Pocono IndyCar Update: Andretti out in front at halfway mark

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Marco Andretti has maintained his weekend dominance so far in the first half of the Pocono IndyCar 400, but Triple Crown contender Tony Kanaan has been able to stay toward the front of the field as he seeks to continue his quest for a $1 million prize.

Kanaan is currently half a second behind Andretti at Lap 80 of 160, followed by championship leader Helio Castroneves in third, Simon Pagenaud in fourth, and Scott Dixon in fifth.

IndyCar’s first race at the “Tricky Triangle” since 1989 began inauspiciously when front-row starter James Hinchcliffe wiggled in Turn 1, then spun and slammed hard into the wall. The Canadian fan favorite, who won the series’ most race at Iowa Speedway, limped out of his car but after his release from the infield care center, he told ESPN that he had merely banged his knee inside the cockpit.

“The car just snapped loose on me,” said Hinchcliffe. “We went a bit aggressive on setup because we had an understeering car all week, and we didn’t want that in the race – maybe we overstepped it a bit; I’m not quite sure. We’ll have to go back and take a look.

“It’s really unfortunate. It’s a 400-mile race, so to go out on Lap 1 is just devastating.”

Andretti gave up the lead when he pitted under green at Lap 30, but regained it when the rest of the field cycled through their own stops. Ryan Hunter-Reay managed to leapfrog Kanaan for second when they pitted together on Lap 32, making for an Andretti Autosport 1-2 as the focus turned to disposing of lapped traffic.

But Hunter-Reay’s strong run was ended as he pitted along with Andretti on Lap 61. Takuma Sato, coming in from fourth on the track, locked up his tires while trying to slow down and skidded into the back of Hunter-Reay’s No. 1 car.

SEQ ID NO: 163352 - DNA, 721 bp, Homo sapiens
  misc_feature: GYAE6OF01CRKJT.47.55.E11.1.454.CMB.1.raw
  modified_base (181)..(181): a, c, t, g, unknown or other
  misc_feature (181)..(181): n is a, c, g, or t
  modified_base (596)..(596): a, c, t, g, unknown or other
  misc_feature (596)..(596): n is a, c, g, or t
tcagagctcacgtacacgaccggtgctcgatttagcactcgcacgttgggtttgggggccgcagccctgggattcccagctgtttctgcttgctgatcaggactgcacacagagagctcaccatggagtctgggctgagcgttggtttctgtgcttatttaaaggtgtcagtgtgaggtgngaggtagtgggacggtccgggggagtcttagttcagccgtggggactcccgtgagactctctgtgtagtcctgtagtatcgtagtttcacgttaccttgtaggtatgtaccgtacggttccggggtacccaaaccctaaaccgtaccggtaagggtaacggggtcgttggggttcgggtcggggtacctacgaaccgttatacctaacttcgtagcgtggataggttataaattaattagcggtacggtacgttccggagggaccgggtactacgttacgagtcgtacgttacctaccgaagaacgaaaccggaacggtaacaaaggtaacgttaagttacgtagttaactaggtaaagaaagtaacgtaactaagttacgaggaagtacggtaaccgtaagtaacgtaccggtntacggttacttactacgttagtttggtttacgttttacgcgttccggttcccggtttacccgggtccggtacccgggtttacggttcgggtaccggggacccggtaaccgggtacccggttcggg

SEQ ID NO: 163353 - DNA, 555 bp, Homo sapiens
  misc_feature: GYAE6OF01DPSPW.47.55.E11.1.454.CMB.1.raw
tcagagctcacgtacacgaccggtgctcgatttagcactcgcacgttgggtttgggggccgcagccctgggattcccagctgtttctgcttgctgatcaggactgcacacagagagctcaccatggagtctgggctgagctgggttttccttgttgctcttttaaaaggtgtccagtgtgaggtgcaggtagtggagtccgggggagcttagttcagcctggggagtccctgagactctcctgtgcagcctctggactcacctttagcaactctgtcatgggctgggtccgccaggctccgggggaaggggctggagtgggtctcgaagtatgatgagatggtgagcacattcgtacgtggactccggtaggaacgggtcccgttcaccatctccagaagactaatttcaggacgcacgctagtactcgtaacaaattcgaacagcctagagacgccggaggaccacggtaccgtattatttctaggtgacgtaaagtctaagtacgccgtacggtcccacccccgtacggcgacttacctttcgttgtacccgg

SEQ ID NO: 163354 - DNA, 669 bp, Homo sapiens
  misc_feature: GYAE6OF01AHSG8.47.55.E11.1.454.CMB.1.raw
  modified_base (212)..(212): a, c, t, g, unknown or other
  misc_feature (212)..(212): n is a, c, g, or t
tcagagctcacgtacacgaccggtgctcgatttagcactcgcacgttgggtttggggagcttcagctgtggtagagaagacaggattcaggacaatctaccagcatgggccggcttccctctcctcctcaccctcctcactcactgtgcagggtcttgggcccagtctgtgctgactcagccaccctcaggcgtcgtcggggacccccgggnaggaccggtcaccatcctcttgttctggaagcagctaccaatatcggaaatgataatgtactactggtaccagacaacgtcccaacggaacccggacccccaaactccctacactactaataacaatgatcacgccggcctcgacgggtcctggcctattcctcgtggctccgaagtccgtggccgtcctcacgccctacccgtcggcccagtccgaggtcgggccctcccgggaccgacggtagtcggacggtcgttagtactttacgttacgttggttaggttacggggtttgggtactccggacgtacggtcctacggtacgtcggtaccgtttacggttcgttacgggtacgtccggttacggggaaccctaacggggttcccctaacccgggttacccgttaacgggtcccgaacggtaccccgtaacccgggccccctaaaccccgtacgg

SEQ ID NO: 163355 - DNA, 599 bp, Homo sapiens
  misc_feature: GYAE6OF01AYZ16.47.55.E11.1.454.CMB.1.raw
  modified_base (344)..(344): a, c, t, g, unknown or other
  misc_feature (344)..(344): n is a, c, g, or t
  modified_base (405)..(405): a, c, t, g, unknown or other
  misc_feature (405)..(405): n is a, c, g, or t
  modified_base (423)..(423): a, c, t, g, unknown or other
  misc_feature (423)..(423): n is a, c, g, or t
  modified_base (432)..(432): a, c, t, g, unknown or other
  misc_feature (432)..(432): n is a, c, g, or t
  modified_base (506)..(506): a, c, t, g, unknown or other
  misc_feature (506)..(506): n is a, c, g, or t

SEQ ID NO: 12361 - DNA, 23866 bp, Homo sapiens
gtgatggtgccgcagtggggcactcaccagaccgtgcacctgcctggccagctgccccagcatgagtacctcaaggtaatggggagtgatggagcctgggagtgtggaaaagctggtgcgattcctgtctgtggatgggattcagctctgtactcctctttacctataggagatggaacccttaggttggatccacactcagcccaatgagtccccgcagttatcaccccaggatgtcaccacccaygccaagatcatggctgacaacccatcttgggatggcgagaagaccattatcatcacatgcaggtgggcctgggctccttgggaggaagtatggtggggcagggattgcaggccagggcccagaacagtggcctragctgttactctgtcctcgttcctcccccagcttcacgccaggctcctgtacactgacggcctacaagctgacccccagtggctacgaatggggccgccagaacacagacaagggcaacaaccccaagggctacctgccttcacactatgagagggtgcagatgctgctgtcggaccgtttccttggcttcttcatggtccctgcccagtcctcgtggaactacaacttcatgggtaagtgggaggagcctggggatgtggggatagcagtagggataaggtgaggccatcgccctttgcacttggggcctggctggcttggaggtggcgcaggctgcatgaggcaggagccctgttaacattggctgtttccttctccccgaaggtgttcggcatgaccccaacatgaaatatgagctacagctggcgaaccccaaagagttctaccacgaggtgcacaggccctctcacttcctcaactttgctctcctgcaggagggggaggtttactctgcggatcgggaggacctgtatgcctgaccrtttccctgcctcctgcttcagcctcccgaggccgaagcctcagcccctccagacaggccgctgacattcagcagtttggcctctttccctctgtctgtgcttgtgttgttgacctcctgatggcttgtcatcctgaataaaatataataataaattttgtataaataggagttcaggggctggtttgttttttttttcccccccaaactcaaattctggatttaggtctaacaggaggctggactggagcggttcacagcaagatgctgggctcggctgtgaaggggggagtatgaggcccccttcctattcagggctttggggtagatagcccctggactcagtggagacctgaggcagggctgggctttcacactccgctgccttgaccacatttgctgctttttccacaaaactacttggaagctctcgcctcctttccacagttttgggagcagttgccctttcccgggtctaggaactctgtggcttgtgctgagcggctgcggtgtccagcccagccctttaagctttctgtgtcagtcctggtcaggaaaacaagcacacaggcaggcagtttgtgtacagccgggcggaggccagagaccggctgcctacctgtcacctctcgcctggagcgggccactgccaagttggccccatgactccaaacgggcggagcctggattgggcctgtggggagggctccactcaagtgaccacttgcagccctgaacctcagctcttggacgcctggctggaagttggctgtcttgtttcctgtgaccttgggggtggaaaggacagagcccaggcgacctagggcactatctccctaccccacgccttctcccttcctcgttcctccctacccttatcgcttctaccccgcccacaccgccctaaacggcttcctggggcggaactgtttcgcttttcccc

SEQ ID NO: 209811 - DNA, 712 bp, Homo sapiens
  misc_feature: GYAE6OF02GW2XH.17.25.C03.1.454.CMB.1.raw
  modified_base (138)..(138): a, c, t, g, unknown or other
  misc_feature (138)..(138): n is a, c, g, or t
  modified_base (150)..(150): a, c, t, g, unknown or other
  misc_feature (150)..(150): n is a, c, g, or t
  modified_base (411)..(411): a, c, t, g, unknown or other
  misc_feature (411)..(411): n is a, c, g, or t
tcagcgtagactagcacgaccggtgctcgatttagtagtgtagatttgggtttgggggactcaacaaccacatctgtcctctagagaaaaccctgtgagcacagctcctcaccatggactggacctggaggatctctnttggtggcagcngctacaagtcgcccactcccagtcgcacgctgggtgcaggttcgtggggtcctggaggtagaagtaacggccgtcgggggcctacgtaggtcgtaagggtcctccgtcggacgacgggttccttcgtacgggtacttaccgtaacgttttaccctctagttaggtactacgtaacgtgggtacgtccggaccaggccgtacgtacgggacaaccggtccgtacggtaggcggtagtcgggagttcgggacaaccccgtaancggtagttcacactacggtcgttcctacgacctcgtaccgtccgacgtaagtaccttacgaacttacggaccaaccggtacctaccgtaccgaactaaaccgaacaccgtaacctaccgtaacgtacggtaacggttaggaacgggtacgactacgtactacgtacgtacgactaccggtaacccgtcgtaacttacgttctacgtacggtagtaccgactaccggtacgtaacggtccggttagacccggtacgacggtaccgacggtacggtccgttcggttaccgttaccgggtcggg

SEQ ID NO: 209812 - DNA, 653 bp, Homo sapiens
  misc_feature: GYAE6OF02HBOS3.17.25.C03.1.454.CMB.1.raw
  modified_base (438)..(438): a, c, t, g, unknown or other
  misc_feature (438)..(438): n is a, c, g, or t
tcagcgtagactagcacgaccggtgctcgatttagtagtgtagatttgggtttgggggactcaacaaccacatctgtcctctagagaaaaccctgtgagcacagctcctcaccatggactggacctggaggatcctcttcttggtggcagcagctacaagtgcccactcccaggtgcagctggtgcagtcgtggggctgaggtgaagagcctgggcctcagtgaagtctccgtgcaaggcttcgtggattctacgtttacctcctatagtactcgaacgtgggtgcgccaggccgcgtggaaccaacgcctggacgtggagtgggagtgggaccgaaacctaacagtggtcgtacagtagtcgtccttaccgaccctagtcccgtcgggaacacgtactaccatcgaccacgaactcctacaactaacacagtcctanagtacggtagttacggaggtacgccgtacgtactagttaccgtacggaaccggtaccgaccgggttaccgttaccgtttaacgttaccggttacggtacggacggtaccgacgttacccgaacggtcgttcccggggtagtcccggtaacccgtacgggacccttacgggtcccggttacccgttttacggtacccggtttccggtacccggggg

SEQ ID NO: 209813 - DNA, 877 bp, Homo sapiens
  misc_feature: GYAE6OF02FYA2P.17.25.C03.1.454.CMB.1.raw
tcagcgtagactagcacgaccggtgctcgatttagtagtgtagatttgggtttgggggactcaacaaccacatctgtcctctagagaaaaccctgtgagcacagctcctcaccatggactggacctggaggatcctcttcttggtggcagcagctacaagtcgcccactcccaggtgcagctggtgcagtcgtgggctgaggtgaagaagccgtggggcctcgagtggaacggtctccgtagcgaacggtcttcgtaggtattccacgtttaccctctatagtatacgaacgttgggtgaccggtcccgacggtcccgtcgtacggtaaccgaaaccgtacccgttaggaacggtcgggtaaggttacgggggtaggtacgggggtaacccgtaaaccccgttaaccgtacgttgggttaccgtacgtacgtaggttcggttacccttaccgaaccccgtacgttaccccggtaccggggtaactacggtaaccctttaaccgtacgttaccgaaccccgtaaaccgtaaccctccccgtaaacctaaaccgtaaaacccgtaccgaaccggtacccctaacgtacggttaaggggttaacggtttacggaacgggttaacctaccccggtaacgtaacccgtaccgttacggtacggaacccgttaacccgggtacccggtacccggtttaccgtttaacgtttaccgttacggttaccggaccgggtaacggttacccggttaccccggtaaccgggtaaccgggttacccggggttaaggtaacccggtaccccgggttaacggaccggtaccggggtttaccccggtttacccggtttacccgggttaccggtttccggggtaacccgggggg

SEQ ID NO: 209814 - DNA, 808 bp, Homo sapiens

“Sato just ran into me,” Hunter-Reay spat over his team radio as the yellow flag came out. “What an idiot.”

To his credit, the former Formula One driver admitted fault for the crash, saying he “misjudged” the entrance to pit road.

“I was trying to kill speed but I was in the middle of the corner and I lost the back end and slid into Ryan,” Sato told ESPN.

Shortly after halfway, Hunter-Reay and his machine were spotted rolling out of the Pocono garage and will likely return to the track in an attempt to salvage championship points. But his incident with Sato will still likely impact his bid for a second straight IZOD IndyCar Series title; he had entered the day just nine points off of Castroneves in the standings.

Hinch boldly “goes” where many drivers have gone before

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One of the most common questions racing drivers face is “What happens if you have to use the bathroom when you’re driving?”

And the most common answer is “You just go.” While admittedly a little disgusting, it is nonetheless a problem that occasionally surfaces, and an innumerable amount of drivers have done so in their careers.

However, Schmidt Peterson Motorsports’ James Hinchcliffe apparently had never found himself in such a predicament in his career. That is, until Sunday in the Honda Indy Grand Prix of Alabama.

While under the first red flag for rain, Hinchcliffe started to receive “nature’s call.” Unable to get out of the car to use a restroom – drivers had not been permitted to get out of their cars – Hinchcliffe was forced to wait and hold it.

But when the cars briefly took to the track again prior to a second red flag, it became too much to handle, and Hinch was forced to “relieve himself” while circulating under caution.

“I always maintained that I knew at some point in my career it would happen,” he quipped to NBCSN’s Kevin Lee.”

He added, “I was sitting there under that first red (flag), just begging to get three minutes. That’s all you need, (steering wheel off to wheel on). And when we got going again, my legs were shaking, I had to go so bad. I’m like ‘I can’t drive a race car like this.’ So under caution, it took me a full lap, it was one of the least comfortable experiences of my entire life, but I can officially say I’ve joined the likes of Will Power, Dario Franchitti, and other greats that have peed themselves in their suit.”

Social media reaction added to the moment’s hilarity, with SPM and teammate Robert Wickens weighing in.

Rahal Letterman Lanigan Racing’s Graham Rahal also chimed in, coming to Hinchcliffe’s defense.

Hinchcliffe, fully refreshed, will restart the Honda Indy Grand Prix of Alabama in fifth when racing resumes on Monday.

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